Is there a command that allows you to jump to any page in InDesign like there is in Quark? Yes! Simply press Command+J (Control+J on PC), which highlights the page number at the bottom of your window or opens a dialog window in more recent versions of InDesign. Then type in the page number you want to jump to, and press Return (or Enter). You can even jump to a Master Page by typing in "A" for Master A, "B" for Master B, and so on.
Need a Bigger Pasteboard?
Sometimes, when I'm working on a layout with lots of pictures and type, I need a place to put all of these objects off the spread when I'm moving everything around as part of the design process. The Pasteboard to the left and right of my spread are plenty big enough, but not always all that convenient if I'm zoomed way to work on the center of the spread. It would be nice if the Pasteboard to the top and bottom of my spreads could be made larger.
By default, the Pasteboard above and below your pages is just 1" tall, not a lot of room to store design elements while laying out a spread. To make the Pasteboard taller, go to the InDesign menu (PC: Edit)>Preferences>Guides & Pasteboard and increase the Minimum Vertical Offset in the Pasteboard Options section of the dialog window to any size up to 120", and click OK to apply.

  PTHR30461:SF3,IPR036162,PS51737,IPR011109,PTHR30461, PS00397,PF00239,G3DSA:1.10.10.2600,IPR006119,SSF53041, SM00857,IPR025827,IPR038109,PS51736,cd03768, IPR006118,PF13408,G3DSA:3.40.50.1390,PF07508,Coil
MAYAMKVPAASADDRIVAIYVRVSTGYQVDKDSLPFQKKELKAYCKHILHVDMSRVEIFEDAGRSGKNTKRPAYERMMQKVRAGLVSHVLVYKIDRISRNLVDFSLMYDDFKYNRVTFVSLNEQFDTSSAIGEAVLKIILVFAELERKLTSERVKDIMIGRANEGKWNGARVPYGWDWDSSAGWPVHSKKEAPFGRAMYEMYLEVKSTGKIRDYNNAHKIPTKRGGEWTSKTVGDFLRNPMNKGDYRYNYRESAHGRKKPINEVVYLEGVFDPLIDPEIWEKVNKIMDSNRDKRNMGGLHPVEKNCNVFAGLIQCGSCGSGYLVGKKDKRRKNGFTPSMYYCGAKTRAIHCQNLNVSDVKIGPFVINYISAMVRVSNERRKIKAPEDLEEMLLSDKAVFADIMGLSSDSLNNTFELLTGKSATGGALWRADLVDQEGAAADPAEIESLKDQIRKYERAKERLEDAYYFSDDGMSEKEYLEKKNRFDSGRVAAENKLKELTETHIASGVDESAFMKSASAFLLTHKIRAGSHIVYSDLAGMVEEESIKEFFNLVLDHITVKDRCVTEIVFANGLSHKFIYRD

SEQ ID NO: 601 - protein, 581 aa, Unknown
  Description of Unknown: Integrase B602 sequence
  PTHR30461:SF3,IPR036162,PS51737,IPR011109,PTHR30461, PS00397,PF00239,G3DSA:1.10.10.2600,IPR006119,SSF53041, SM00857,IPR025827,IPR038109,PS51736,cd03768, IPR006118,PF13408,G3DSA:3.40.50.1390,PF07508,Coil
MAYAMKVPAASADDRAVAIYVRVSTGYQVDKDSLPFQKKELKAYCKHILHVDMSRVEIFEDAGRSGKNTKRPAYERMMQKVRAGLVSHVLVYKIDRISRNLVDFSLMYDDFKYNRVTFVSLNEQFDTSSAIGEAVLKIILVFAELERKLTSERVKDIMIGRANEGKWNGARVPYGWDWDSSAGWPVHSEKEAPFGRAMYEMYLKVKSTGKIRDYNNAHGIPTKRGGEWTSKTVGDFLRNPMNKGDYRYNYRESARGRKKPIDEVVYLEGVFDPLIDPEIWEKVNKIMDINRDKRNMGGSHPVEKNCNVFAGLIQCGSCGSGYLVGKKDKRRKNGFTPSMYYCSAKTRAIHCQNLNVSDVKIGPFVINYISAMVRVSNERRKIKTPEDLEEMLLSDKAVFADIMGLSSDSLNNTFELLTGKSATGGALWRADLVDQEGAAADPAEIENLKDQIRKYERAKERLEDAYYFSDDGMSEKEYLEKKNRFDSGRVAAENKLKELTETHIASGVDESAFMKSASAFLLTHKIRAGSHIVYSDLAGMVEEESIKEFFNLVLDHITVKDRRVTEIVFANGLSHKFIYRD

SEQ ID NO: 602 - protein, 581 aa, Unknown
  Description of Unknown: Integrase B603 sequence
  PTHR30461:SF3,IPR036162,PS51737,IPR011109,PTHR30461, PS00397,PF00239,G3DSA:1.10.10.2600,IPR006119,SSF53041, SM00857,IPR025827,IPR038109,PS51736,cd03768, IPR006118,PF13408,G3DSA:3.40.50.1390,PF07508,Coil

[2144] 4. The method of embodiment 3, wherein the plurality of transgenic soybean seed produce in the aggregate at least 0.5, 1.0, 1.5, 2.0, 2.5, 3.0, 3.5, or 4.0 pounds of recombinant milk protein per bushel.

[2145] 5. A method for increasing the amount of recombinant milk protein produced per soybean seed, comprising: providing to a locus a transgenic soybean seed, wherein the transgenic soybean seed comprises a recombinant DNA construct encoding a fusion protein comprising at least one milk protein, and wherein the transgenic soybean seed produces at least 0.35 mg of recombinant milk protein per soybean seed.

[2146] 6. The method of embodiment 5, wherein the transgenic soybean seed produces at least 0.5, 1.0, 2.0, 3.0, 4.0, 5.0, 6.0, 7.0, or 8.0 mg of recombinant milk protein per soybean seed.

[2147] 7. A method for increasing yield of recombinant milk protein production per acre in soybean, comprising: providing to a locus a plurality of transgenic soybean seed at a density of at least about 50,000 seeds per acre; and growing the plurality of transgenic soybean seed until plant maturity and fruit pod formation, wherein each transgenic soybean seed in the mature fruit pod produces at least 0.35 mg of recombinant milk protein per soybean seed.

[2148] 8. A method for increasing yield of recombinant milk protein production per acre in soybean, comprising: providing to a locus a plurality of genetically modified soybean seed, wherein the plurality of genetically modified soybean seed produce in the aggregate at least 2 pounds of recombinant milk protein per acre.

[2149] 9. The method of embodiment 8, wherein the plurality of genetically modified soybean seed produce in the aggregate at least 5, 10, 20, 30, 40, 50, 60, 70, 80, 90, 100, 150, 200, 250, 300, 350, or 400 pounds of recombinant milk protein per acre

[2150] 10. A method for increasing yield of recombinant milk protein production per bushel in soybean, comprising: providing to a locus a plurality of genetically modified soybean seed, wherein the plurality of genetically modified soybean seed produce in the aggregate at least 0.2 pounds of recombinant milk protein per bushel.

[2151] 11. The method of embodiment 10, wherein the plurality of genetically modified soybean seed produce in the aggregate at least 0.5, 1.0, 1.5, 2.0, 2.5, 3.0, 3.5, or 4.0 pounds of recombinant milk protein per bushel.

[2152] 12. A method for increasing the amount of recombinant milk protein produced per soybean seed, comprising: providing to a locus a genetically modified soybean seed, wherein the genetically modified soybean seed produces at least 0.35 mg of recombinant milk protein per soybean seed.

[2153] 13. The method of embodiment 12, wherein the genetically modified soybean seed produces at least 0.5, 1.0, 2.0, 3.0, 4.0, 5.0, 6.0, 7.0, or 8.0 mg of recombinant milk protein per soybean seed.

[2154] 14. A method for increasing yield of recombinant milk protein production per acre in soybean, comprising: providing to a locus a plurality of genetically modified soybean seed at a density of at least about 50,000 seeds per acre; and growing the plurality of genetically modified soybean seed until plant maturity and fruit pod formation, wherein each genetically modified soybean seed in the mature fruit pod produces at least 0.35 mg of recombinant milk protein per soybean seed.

Give Yourself a Hand While Typing in a Text Frame.
One of the easiest ways to quickly move around a page is to access the Hand tool by pressing the Spacebar. When you release the Spacebar, you return to the original tool you were using. But how do you access the Hand tool when you have a cursor in a Text Frame? If you press your Spacebar, you'll end up with lots of spaces added to your copy, but no Hand tool. If you press the Option key (Alt on PC) however, you'll access the Hand tool to move about your page, even though the cursor is still blinking in the Text Frame. When you release the Option (Alt) key, you can continue typing without missing a beat or adding unwanted spaces.
Taking Control of Ruler Units with a Single Click.
I opened an InDesign layout that another artist had created. When I looked at my Rulers, he was using Picas for the units of measurement. Is there any way to quickly change to Inches without having to go into Preferences?
Sure! Control-click (Right-click on PC) with your mouse on the intersection of the two Rulers in the upper left-hand corner of your document window, and select Inches (or Inches Decimal) from the popup menu. To change only one Ruler, Control-click (Right-click on PC) with your mouse on that particular Ruler.
A Nice Welcome!